Students Offer Slice of Summer Research

While it may be nearly two months until the next academic year begins, Swarthmore’s academic spirit is not in short supply this summer.

On Friday, all students participating in on-campus summer research were invited to a pizza lunch in Cornell Science Library. The gathering aimed to create a space where students could share their interests with others who may be researching something completely different, said Nabil Kashyap, librarian for digital initiatives and scholarship, who helped organized the event.

"Everyone is in their own little silos," added co-organizer Andrea Baruzzi, a science librarian, "and because the libraries are the place where everyone comes together, why not have an event like this?”

The goal was to mix formal and informal presentations to create a laid-back atmosphere, encouraging students to interact and share with one another. By all accounts, the organizers succeeded.

The event began with a gentle dash for pizza. While everyone ate, Kashyap and Baruzzi set up screens asking the group questions about their research. Students responded via their cellphones, and the answers were displayed for the group to see. Legitimate responses quickly became jokes and memes (who knew "Gucci Gang" was such a popular research topic?), but that also contributed to a space where students could "let off some steam," Kashyap said. Once everyone had their fill of pizza, semiformal "lightning talks" began.

Here's a taste of the summer research Swarthmore students are up to on campus, as presented at the lunch:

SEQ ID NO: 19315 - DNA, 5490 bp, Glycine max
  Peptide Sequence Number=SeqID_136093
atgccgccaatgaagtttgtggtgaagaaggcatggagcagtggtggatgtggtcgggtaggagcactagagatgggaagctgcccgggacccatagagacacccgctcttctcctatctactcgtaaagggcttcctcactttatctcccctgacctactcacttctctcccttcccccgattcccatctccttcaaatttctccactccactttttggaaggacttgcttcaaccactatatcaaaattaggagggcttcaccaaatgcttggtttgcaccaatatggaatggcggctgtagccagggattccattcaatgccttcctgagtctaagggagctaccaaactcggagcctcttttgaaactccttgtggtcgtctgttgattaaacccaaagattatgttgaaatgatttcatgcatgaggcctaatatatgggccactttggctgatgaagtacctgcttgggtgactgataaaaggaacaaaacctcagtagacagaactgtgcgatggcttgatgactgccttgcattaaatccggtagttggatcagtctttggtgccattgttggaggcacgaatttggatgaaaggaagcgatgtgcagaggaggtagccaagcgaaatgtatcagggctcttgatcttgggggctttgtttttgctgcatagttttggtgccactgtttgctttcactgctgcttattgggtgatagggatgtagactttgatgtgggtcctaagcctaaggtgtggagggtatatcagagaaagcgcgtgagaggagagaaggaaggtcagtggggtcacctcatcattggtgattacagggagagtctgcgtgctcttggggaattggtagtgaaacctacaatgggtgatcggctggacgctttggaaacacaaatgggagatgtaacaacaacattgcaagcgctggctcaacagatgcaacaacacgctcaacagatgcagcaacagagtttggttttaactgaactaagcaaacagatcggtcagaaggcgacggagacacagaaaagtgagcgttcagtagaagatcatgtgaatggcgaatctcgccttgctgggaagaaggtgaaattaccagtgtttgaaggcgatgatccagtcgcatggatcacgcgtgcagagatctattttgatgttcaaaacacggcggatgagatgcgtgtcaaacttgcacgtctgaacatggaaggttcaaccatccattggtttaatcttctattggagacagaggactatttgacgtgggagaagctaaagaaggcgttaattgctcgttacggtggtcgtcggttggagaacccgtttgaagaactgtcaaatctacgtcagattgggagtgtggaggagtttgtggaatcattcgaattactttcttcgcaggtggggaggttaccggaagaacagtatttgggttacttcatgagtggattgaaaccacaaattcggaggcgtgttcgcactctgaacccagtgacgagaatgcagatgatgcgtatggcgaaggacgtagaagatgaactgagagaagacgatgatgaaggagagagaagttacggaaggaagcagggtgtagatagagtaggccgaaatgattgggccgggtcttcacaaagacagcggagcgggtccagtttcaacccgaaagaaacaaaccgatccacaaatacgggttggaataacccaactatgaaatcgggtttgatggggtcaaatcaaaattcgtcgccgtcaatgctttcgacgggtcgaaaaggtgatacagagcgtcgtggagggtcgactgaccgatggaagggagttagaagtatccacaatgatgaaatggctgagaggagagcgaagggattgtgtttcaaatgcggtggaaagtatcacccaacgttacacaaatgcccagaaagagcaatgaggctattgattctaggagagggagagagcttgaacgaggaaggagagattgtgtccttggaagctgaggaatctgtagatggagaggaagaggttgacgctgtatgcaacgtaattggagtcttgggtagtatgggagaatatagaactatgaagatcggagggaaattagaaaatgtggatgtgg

• Tai Warner '19, a linguistics and computer science major from Seattle, on a Swarthmore Projects for Educational Exploration and Development (SPEED) project facilitating the speech-to-text process for lectures to increase accessibility
  • David Robinson '19, a mathematics and physics honors major from Tucker, Ga., on dark matter and dark energy
  • Rebecca Regan '19, an English literature honors major from Buffalo, N.Y., on a SPEED project creating a digital visualization of the library’s collection
  • Calla Bush St. George '20, a biology honors major from Philadelphia, on reactions in mutant strains of E. coli
  • Elyse O’Bannon '20, a religion major from Dallas, on Hoodoo books and their historical use in black communities
  • Lizzy Stant '19, a neuroscience special major from Dover, Del., on the impact of a protein in pain responses in fruit-fly larvae
  • Ziv Stern '20, a linguistics honors major from The Bronx, N.Y., on how the mouth makes different sounds, focusing on Kyrgyz vowels
  • Kyle Vu '19, an economics major from Reading, Pa., on a SPEED project creating a real-time visualization of Swarthmore’s environmental footprint
  • Jerry Gu '19, an engineering major from Ellicott City, Md., on creating a wearable bioimpedance spectroscopy system
  • Guinevere Mesh '19, an art and biology major from Pleasantville, N.Y., on a SPEED project publishing the oral histories of alums who were involved in activist projects
  • Karen Avila '20 of New York, N.Y., did not present, but her work with Professor Edwin Mayorga can be found here.